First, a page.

“Obviously, I was mad that it happened,” Greg Carter said. “She doesn’t know how to hurt anybody.”
Police records show the incident happened at Takoda Trails, an intermediate care facility in Fairfield where Lauren Carter had lived since 2002.
“The medical staff did not believe the cut to Lauren to be self-inflicted and considered it suspicious,” according to the Fairfield police investigation report. “They described the cut as very clean, no jagged edges and not actively bleeding.”
Police records show investigators had suspicions, but ultimately no charges were filed because the investigation couldn’t determine how Lauren was injured, who did it, how it happened or where it occurred.
“It’s the most frustrating thing,” Greg Carter said. “How do people get away with that?”
The Butler County Board of Developmental Disabilities investigated a complaint that the incident involved “abuse” and “neglect.” The investigation “sustained” the complaint, according to the investigation report provided by Greg Carter.
Two months ago, Carter filed a lawsuit against Takoda Trails and related companies accusing them of negligence.
Carter provided records that show Lauren had been injured in previous incidents at Takoda Trails.
According to the lawsuit, Lauren Carter had broken bones, burns and cuts requiring stitches, and was left in hot buses (twice) for hours.
“Lauren has unfortunately had to suffer through things that I don’t believe any human being should,” Carter’s attorney Mark Tassone said.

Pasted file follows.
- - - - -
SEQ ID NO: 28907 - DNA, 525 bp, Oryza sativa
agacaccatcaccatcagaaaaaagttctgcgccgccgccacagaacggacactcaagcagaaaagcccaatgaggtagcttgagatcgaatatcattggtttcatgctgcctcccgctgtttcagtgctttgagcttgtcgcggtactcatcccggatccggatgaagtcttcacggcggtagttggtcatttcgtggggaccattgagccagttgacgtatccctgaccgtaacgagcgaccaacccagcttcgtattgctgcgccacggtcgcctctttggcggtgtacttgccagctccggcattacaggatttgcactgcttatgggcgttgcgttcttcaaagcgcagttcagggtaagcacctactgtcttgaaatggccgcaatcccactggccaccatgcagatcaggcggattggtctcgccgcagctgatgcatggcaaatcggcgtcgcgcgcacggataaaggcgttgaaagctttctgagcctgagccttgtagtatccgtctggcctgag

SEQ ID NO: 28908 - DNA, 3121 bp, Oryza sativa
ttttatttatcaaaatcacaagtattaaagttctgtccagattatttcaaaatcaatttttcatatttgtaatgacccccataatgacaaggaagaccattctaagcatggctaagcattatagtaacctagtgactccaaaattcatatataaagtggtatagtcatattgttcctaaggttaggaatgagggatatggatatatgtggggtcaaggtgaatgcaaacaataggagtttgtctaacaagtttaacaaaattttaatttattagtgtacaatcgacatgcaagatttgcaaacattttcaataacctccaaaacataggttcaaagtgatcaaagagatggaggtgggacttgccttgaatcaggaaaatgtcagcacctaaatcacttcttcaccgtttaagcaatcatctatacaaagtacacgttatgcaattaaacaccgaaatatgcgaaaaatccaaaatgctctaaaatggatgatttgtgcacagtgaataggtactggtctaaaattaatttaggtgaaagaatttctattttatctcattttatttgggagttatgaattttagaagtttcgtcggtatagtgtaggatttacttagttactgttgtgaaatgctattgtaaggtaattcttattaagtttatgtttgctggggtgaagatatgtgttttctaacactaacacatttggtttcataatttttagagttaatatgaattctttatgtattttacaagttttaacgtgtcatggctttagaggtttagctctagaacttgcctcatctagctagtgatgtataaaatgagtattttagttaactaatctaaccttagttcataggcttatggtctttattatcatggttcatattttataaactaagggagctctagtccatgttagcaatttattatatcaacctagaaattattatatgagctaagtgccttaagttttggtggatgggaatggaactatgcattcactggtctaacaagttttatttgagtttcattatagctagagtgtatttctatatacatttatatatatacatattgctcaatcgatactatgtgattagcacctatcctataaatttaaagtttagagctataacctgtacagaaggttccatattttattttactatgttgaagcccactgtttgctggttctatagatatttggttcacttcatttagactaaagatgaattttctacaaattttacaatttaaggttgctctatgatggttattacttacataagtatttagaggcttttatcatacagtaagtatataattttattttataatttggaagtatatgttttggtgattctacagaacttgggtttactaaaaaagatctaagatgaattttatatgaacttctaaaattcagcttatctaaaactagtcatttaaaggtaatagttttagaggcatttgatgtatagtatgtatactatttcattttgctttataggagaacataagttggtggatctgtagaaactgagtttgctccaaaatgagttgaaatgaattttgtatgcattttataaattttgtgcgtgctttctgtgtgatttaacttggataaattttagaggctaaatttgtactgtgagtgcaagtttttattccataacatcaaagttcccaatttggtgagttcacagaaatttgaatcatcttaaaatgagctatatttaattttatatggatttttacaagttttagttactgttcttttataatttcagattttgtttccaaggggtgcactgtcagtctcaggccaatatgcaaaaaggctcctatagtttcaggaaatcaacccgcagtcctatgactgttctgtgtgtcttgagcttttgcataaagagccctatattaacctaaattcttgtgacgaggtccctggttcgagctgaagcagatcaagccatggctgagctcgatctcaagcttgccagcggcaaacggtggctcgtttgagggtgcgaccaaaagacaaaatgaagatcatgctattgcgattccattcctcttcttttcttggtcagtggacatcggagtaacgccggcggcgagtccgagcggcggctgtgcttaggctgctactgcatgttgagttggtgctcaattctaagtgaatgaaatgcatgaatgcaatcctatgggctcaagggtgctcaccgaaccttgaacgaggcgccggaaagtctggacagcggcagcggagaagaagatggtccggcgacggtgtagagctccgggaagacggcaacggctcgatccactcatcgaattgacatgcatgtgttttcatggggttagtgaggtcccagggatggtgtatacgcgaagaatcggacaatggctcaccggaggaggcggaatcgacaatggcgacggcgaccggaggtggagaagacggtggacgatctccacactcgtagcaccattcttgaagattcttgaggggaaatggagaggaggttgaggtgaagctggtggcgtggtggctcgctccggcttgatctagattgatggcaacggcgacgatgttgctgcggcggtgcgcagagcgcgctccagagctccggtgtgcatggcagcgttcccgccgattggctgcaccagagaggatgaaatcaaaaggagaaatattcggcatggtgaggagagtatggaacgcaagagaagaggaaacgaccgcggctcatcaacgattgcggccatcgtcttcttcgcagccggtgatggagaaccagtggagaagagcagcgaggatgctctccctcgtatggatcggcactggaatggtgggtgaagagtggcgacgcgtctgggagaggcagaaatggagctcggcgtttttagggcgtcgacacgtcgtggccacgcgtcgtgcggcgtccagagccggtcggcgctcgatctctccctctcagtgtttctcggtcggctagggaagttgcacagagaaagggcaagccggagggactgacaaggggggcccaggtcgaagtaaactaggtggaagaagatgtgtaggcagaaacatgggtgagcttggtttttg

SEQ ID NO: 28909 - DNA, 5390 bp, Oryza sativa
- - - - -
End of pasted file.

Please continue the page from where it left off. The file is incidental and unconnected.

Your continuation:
The defendants declined a request for comment on the allegations.
“Given that the matter is in litigation and involves medical privacy, we cannot comment,” attorney Ernie Auciello wrote in an email response to Journal-News partner WCPO’s I-Team. “Our client can and will vigorously defend the allegations.”
According to records reviewed by the I-Team, Takoda Trails fired an employee for not cooperating with the investigation of Lauren Carter’s neck wound.
The facility’s response plan included checking on her more frequently.
Greg Carter said he put a camera in her room — allowed by Ohio state law — so he can monitor her at any time.
Lauren Carter is still living in Takoda Trails, but two weeks ago the facility sent Greg Carter a notice telling him that, “Due to your actions as Lauren’s legal guardian, the home can no longer meet the needs of Lauren without imposing an undue hardship on the home. Takoda Trails has attempted to communicate with you and continues to serve Lauren after numerous attacks and unfounded accusations.”
Greg Carter said he wants to care for his daughter at home, but can’t afford it. He’s trying to get her into a new facility, but it will be farther from his home.
“Sometimes, things have to happen where people are held to account for what they do,” Carter said.
This story was published by Journal-News content partner WCPO.